I was 16 when my gallbladder was surgically removed. That was the beginning of the huge change in my diet and weight loss.
Growing up with stomach issues was really hard. One of the problems I was faced with were gallstones, which were not only painful, but contributed to my multiple episodes of nausea and vomiting.
After further testing, it would also turn out that, I was allergic to gluten and dairy.
Eliminating gluten from my diet was extremely hard. Dairy? Not so much, considering that it was the one thing that really made my stomach churn.
However, the true challenge came when I realized I had to grow up fast and make all these dietary changes on my own.
Initially, I received help from a nutritionist who gave me pamphlets and a list of foods to eat and avoid. So not only did I have to perform my own research, but I also had to instantly stop binge-eating my favourite foods and snacks.
I slipped up many times, but by the time I began college, I decided to be more disciplined and to focus on replacing my favourite foods with healthier alternatives.
MY DIET TODAY
I am a Vegetarian trying to transition to a Vegan lifestyle. In addition to that, I eat gluten- and dairy-free and practice intermittent fasting.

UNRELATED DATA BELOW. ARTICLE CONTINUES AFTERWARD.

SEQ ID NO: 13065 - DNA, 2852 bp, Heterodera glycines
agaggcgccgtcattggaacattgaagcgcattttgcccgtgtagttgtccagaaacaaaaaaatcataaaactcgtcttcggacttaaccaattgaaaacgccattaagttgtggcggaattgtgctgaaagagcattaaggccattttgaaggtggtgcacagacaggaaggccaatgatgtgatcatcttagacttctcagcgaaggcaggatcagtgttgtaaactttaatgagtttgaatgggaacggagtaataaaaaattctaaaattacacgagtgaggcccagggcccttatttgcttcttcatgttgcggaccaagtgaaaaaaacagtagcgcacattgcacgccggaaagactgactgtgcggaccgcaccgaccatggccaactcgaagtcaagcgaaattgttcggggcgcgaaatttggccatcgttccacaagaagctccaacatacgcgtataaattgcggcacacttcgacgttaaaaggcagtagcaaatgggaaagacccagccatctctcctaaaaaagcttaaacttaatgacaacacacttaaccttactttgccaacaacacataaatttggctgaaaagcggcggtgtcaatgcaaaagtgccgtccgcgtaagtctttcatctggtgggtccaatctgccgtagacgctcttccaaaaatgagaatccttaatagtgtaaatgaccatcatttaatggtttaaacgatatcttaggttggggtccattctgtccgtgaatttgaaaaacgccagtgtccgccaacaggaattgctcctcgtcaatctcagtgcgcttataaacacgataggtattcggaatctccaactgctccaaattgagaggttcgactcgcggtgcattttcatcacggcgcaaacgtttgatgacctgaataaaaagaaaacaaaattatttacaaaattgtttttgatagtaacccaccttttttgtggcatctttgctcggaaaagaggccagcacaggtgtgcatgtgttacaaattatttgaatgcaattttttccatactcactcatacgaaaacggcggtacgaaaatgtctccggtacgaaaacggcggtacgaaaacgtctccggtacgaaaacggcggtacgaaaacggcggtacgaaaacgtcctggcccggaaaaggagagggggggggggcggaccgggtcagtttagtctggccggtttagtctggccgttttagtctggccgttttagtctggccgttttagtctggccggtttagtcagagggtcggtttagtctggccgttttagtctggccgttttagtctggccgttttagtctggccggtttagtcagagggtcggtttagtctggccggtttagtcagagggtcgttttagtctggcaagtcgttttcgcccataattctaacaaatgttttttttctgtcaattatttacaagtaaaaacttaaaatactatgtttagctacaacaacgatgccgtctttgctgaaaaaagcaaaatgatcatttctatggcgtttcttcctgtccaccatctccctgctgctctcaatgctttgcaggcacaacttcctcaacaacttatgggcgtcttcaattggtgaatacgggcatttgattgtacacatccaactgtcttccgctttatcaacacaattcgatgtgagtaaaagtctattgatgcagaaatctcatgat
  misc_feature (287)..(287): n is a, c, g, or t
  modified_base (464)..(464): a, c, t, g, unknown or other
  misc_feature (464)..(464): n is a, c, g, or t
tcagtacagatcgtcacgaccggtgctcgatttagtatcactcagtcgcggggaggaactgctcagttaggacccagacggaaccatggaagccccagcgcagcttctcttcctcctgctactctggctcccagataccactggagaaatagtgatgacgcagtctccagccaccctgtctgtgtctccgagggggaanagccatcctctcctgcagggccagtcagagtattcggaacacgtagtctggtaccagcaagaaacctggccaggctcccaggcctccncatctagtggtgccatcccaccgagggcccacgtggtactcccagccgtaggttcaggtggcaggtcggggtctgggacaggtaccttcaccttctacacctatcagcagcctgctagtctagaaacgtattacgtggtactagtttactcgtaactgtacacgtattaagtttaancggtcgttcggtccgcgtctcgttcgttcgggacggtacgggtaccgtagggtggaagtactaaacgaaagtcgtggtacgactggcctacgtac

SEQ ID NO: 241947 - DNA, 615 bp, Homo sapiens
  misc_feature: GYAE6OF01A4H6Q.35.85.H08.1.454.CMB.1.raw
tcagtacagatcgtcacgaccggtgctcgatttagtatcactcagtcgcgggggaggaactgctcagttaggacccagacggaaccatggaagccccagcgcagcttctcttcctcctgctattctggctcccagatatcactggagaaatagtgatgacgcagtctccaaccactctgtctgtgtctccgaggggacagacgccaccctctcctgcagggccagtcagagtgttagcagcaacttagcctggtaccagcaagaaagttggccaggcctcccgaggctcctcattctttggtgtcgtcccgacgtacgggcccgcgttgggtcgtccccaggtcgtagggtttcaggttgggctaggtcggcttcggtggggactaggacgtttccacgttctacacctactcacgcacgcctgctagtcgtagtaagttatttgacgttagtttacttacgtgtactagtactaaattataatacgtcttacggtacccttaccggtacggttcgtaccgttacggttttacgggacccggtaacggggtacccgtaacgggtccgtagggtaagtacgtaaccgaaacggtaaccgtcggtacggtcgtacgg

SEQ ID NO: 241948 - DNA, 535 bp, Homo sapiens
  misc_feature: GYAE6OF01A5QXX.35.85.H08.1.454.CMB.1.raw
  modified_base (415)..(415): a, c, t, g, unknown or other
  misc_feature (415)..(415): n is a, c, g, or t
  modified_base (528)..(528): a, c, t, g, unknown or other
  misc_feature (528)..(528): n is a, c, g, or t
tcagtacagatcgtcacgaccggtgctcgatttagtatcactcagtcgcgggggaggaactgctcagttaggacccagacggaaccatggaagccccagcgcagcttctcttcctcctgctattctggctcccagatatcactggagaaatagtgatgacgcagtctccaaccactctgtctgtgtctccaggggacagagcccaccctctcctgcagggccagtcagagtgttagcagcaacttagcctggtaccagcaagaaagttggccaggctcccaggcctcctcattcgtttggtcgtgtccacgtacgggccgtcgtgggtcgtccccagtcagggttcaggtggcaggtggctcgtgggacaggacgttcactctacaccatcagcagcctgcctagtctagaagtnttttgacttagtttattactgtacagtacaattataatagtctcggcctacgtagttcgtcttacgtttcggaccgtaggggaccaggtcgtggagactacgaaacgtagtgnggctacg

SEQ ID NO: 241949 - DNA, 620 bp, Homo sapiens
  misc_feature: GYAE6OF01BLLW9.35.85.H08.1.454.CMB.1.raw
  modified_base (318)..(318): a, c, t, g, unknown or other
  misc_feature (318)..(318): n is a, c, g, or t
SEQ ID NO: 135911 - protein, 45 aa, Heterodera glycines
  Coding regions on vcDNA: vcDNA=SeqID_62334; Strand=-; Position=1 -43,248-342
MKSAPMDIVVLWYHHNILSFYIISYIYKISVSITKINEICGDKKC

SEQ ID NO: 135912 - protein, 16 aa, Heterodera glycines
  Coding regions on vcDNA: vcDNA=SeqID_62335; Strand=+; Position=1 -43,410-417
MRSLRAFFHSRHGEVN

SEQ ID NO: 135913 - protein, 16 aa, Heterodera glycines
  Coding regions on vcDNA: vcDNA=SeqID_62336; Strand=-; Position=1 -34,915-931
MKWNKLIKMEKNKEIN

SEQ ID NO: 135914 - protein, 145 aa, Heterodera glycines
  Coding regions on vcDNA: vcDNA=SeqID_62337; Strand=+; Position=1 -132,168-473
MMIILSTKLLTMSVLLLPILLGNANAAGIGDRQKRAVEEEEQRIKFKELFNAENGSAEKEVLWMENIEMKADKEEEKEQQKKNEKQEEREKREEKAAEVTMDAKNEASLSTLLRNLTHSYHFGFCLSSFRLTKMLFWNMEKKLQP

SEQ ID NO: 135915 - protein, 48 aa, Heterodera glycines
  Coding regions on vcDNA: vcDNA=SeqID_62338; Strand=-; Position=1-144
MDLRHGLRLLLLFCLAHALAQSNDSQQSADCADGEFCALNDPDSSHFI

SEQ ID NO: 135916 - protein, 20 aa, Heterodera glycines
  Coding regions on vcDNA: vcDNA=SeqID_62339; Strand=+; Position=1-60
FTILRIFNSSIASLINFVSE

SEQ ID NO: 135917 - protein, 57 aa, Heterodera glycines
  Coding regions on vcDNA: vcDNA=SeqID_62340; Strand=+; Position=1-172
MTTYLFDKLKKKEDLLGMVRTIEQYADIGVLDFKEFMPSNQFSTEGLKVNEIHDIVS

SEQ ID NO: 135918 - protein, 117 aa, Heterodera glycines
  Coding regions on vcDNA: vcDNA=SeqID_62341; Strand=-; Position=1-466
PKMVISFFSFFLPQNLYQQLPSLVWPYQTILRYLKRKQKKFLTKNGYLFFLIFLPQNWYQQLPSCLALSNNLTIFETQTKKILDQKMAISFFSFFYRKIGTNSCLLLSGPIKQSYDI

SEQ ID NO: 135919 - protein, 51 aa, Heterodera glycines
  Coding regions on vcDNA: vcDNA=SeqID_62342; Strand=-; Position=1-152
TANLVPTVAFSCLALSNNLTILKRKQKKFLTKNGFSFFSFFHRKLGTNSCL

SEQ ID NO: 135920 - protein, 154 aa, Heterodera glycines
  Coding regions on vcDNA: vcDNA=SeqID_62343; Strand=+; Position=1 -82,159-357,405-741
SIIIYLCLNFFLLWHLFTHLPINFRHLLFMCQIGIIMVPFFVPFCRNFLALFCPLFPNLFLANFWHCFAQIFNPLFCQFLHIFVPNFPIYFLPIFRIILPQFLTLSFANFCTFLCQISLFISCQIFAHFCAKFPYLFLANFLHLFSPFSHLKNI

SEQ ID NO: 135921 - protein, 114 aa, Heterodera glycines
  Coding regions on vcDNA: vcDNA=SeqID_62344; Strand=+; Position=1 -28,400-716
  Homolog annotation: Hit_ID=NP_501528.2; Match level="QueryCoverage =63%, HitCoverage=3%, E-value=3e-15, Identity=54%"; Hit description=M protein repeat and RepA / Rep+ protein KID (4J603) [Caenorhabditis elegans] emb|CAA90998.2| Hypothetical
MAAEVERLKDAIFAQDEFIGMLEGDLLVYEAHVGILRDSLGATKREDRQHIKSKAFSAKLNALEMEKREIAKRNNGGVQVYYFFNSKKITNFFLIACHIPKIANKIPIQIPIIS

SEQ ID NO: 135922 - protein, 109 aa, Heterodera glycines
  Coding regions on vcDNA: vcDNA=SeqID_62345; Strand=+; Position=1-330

Basically, I eat all of my my meals in a 8-hour window, and do not consume any food for the following 16 hours. I chose to do this when I was 19, because I found that eating in the early morning hours made me feel nauseous. It also allowed me more time to drink at least a liter of water before my first meal.
Currently, I consume two meals a day, but love to snack throughout. I’m now trying to bump this up to three meals a day with less snacks. Here’s a list of my favourite meals:
- two or three eggs, toast w/hummus + cucumbers or carrots
- chocolate coconut granola w/ plain coconut yogurt
- peanut butter + banana pancakes
- apples w/peanut butter + cereal
- corn chips w/ salsa or guacamole
- baked veggie chips
- carrots or celery + hummus
- apples w/peanut butter
- protein bar
- hummus + crackers
- vegan pizza
- rice with fried veggies + tofu
- vegan tacos w/ soy protein + corn salad
- vegan burger w/ sweet potato fries
- veggie soup + toast
- vegetable quinoa stir fry
- lentil chili + toast
Typical treats/desserts: Gluten-free and Vegan mug cakes (because I get lazy) , GF cookies, cheerios, dark chocolate almond and sea salt bark, Vegan candy etc.
This is the true story of how I made the decision to stop eating meat:
One hot day in Summer 2016, my parents told me something that changed my life:
Them: We’re having a BBQ
*two days later*
Them: We’re having a BBQ
*16 hours later*
Them: We’re having a-
BBQs weren’t the problem. It was the frequency of these BBQs, plus the fact that I almost always helped my mom prepare huge boxes of chicken (butcher-style). I had enough of eating chicken. But the chicken kept piling in-
-until I got fed up and decided to quit eating it (and every other type of meat) right then and there!
Yes, that’s all it took.
I’d be lying if I said I never wanted or felt the pressure to lose weight as a child. I used to weigh myself a lot when I was a kid. I think one of my lowest points was when I was around 13 or 14 years old, and thought it would be a great idea to buy weight loss pills (which I never used). Additionally, I even kept a food diary where I made sure to encourage myself to eat less.